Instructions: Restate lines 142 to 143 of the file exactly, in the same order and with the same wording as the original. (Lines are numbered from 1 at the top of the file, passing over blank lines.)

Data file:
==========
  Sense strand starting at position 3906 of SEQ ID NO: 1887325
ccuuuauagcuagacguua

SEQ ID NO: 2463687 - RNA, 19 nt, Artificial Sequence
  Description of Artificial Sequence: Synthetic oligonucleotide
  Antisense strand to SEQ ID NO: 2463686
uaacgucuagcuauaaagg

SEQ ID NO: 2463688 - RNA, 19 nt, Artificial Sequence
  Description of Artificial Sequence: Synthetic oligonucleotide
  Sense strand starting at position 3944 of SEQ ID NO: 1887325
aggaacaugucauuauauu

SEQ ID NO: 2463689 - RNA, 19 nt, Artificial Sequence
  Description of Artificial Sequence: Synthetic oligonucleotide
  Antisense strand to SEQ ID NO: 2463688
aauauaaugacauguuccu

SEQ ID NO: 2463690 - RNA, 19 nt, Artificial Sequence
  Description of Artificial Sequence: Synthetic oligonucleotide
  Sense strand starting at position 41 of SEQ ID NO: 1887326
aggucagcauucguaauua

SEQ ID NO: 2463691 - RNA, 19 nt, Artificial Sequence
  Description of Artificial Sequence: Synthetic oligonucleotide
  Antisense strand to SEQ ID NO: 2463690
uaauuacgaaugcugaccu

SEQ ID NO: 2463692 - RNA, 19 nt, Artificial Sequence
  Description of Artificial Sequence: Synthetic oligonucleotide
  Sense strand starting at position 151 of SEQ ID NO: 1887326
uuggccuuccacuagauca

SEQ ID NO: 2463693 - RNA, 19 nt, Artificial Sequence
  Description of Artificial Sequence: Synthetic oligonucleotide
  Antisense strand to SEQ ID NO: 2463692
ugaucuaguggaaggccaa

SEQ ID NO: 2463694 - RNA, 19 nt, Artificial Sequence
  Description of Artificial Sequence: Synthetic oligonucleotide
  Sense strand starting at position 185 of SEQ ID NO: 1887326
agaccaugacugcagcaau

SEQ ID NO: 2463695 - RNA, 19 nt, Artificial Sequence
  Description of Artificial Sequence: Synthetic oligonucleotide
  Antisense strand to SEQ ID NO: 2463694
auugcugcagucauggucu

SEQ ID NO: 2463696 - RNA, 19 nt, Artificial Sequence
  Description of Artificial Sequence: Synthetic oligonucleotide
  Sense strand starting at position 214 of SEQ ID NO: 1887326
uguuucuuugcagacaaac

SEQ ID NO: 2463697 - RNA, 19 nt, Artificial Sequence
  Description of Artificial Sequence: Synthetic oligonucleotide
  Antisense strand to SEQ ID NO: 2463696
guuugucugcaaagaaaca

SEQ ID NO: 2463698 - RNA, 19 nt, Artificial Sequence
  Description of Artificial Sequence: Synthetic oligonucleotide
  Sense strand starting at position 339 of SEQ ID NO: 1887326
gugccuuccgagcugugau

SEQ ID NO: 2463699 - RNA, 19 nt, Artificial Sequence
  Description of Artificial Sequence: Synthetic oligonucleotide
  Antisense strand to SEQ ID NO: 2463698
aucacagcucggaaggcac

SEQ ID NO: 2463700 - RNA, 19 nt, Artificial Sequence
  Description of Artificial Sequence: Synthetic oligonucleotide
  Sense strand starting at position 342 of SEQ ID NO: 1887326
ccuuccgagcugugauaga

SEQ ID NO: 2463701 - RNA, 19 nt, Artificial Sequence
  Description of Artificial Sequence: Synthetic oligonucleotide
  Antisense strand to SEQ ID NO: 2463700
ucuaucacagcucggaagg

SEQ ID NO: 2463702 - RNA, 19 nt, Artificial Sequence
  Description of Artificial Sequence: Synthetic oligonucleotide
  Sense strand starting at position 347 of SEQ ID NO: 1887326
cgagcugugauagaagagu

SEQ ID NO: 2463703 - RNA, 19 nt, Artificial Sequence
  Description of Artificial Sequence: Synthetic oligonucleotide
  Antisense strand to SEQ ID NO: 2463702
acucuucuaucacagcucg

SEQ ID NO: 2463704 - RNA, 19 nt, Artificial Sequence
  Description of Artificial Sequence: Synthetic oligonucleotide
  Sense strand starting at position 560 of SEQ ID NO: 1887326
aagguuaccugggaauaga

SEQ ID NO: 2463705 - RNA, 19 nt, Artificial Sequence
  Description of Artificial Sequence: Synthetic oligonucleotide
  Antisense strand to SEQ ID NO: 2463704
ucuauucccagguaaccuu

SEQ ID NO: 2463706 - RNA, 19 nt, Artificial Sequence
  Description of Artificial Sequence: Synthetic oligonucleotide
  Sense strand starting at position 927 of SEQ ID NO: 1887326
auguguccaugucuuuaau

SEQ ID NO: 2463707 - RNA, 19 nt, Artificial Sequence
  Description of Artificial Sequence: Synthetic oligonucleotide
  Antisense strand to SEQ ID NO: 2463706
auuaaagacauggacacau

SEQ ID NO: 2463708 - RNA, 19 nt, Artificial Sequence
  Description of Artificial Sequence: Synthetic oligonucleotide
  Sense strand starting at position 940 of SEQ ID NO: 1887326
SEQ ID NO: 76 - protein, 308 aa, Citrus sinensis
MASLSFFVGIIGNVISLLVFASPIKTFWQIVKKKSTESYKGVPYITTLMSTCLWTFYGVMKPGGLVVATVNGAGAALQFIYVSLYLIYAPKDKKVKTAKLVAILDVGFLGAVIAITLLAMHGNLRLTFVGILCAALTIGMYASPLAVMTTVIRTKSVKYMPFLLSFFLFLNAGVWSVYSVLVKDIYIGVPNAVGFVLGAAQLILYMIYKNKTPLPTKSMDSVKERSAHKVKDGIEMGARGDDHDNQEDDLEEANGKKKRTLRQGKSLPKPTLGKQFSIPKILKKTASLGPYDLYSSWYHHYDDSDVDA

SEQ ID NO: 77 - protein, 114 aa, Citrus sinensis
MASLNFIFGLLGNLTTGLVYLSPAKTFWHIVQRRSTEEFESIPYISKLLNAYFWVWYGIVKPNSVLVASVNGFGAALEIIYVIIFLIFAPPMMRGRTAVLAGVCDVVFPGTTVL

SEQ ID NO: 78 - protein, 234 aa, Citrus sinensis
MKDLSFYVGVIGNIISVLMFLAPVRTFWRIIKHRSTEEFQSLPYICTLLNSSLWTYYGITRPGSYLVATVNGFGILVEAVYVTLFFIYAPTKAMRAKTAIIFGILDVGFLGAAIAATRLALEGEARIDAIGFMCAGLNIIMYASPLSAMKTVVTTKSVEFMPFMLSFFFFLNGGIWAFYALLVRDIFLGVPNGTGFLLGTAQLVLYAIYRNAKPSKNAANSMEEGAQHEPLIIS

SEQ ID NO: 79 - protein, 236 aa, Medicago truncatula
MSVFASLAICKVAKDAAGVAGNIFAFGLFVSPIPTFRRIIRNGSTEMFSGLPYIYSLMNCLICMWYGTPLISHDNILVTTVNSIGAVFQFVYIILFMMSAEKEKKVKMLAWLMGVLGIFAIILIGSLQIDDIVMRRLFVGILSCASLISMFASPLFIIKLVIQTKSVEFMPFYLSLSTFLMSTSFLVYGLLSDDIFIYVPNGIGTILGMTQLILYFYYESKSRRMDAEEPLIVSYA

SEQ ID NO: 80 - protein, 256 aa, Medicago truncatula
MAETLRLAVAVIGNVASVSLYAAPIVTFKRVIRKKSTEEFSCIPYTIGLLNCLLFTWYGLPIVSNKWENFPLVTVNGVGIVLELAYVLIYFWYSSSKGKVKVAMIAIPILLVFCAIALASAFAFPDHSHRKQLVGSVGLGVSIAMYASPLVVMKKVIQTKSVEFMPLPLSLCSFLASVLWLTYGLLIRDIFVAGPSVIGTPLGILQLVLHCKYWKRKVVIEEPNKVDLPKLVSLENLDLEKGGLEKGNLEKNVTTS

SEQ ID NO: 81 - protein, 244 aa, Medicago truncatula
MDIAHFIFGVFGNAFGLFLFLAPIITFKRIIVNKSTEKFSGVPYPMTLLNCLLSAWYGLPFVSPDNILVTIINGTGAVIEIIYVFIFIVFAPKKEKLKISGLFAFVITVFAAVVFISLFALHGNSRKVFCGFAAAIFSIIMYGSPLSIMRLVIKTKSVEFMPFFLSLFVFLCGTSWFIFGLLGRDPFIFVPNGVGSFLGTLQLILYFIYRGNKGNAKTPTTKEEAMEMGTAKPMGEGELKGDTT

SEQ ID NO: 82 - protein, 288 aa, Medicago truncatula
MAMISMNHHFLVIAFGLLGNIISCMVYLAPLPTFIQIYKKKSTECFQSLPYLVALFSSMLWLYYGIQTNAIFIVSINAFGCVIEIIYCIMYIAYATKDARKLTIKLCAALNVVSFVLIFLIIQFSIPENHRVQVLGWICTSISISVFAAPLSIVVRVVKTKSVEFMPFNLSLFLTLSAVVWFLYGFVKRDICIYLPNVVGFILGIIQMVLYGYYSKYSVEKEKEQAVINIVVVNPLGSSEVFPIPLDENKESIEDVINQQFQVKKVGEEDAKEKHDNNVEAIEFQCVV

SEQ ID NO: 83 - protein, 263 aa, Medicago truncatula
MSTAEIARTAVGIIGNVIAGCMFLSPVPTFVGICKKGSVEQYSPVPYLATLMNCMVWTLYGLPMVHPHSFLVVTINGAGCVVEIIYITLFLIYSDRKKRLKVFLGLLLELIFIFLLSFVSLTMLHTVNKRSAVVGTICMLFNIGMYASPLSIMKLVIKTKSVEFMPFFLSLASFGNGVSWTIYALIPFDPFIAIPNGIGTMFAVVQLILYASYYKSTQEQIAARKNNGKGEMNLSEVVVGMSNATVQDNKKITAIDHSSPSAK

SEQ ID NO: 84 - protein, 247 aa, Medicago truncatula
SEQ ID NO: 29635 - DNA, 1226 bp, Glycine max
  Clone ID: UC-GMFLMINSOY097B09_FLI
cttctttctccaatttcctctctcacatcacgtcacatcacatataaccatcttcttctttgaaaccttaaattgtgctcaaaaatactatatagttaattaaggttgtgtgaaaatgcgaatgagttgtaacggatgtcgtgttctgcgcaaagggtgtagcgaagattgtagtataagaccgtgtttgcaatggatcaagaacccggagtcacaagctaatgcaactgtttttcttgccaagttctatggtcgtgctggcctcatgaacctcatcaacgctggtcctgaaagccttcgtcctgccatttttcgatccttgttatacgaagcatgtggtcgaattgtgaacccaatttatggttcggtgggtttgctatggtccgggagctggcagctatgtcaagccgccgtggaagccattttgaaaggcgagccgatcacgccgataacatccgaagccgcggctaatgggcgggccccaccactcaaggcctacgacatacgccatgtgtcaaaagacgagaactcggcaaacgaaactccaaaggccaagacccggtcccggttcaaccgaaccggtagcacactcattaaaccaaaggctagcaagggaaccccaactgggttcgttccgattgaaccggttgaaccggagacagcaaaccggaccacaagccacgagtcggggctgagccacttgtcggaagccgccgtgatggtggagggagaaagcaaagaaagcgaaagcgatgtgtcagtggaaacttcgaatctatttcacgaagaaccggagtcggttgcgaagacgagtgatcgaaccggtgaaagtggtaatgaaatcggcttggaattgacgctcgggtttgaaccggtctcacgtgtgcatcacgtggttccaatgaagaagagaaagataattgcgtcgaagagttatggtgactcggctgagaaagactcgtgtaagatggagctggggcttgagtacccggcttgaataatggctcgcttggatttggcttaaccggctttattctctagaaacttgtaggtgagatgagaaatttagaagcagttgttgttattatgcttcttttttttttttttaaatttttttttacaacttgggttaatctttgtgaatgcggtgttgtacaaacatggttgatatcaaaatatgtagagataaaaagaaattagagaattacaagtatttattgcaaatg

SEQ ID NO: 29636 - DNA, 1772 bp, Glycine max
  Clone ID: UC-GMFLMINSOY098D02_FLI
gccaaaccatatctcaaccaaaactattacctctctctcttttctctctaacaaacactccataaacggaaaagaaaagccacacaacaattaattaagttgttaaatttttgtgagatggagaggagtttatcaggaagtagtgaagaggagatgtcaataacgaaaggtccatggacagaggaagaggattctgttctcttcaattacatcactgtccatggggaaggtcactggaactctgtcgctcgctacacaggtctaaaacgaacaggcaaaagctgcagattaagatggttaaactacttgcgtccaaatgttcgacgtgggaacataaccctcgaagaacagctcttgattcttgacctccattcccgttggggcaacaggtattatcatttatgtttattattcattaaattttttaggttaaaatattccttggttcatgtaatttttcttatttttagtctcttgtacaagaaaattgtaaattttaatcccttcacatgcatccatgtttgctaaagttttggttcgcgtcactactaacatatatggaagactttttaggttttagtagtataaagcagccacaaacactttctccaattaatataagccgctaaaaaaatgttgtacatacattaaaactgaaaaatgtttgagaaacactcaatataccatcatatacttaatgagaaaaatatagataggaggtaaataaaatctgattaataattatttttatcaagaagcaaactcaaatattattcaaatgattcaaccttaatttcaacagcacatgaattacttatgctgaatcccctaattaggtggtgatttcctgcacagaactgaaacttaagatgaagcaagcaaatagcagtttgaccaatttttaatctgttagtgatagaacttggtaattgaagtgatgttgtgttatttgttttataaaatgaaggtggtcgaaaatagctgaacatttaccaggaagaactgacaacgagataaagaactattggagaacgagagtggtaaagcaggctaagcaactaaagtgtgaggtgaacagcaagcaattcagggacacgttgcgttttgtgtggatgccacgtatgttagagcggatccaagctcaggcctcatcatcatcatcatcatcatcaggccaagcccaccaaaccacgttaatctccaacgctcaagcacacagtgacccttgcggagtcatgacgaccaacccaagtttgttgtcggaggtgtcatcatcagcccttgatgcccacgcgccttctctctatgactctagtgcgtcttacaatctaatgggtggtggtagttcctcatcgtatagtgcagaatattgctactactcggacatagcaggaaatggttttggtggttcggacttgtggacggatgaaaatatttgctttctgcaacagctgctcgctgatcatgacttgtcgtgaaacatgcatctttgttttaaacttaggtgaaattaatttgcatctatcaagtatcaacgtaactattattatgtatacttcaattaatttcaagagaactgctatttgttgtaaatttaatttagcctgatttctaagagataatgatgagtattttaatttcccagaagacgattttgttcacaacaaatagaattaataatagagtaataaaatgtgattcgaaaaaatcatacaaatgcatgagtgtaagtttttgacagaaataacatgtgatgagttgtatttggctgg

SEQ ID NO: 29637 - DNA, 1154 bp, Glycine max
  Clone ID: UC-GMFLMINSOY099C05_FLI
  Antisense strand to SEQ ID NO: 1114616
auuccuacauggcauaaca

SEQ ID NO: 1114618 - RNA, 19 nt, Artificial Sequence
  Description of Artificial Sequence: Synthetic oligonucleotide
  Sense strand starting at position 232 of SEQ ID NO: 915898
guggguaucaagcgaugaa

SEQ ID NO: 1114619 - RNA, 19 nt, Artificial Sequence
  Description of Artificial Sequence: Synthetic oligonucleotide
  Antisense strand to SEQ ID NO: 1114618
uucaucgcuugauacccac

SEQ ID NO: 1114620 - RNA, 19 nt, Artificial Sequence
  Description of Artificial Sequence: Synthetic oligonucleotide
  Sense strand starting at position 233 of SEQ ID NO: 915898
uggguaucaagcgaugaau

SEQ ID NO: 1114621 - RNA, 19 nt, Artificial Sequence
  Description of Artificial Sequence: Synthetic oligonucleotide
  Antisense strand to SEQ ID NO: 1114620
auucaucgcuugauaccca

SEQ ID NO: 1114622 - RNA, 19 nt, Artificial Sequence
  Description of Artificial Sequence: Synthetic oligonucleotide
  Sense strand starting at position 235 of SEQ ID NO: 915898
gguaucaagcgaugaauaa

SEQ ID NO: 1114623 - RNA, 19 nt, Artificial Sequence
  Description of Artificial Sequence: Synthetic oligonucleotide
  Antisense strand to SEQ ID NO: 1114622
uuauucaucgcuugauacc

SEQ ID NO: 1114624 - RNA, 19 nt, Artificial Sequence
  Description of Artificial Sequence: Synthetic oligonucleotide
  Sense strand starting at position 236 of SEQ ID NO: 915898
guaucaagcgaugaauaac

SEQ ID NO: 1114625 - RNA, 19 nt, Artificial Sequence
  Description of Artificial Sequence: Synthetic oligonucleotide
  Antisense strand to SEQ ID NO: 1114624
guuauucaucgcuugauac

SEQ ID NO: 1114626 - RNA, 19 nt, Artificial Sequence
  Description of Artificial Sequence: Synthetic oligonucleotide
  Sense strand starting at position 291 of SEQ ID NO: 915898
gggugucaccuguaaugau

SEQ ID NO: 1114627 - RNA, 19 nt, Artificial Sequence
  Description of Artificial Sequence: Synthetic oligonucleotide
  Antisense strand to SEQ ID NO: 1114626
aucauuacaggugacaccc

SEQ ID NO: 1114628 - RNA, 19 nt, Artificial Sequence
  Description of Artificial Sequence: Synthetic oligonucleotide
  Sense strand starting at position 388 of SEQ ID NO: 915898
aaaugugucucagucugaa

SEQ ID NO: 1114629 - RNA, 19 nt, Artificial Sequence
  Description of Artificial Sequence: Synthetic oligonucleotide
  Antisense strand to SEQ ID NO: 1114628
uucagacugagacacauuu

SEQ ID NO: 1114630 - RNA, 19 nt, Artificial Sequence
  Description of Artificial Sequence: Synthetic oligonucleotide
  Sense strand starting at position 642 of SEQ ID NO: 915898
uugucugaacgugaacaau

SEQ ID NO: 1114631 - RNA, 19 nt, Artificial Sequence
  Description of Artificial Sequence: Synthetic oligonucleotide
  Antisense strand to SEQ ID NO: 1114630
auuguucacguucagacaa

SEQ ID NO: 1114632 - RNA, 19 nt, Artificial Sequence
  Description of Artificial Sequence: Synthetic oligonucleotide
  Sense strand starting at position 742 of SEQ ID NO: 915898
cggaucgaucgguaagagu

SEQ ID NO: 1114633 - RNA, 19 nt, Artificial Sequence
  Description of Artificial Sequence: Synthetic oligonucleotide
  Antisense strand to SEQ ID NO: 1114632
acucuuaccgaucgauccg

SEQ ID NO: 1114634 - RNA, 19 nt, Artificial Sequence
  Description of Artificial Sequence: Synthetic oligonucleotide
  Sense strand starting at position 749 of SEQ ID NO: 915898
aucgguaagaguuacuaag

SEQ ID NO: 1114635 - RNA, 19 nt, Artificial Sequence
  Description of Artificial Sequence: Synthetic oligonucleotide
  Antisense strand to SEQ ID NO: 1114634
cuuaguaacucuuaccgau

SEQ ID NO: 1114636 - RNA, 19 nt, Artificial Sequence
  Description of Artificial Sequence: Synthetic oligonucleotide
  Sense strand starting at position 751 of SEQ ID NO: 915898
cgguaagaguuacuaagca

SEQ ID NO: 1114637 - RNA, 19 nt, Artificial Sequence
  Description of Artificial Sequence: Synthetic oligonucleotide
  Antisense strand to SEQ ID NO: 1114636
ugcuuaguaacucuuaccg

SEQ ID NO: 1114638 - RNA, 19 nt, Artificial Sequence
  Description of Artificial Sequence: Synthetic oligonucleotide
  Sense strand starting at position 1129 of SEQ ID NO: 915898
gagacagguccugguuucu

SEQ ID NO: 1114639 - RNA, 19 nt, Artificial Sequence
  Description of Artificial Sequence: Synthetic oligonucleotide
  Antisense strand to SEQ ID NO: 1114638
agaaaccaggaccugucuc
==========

  Description of Artificial Sequence: Synthetic oligonucleotide
  Sense strand starting at position 236 of SEQ ID NO: 915898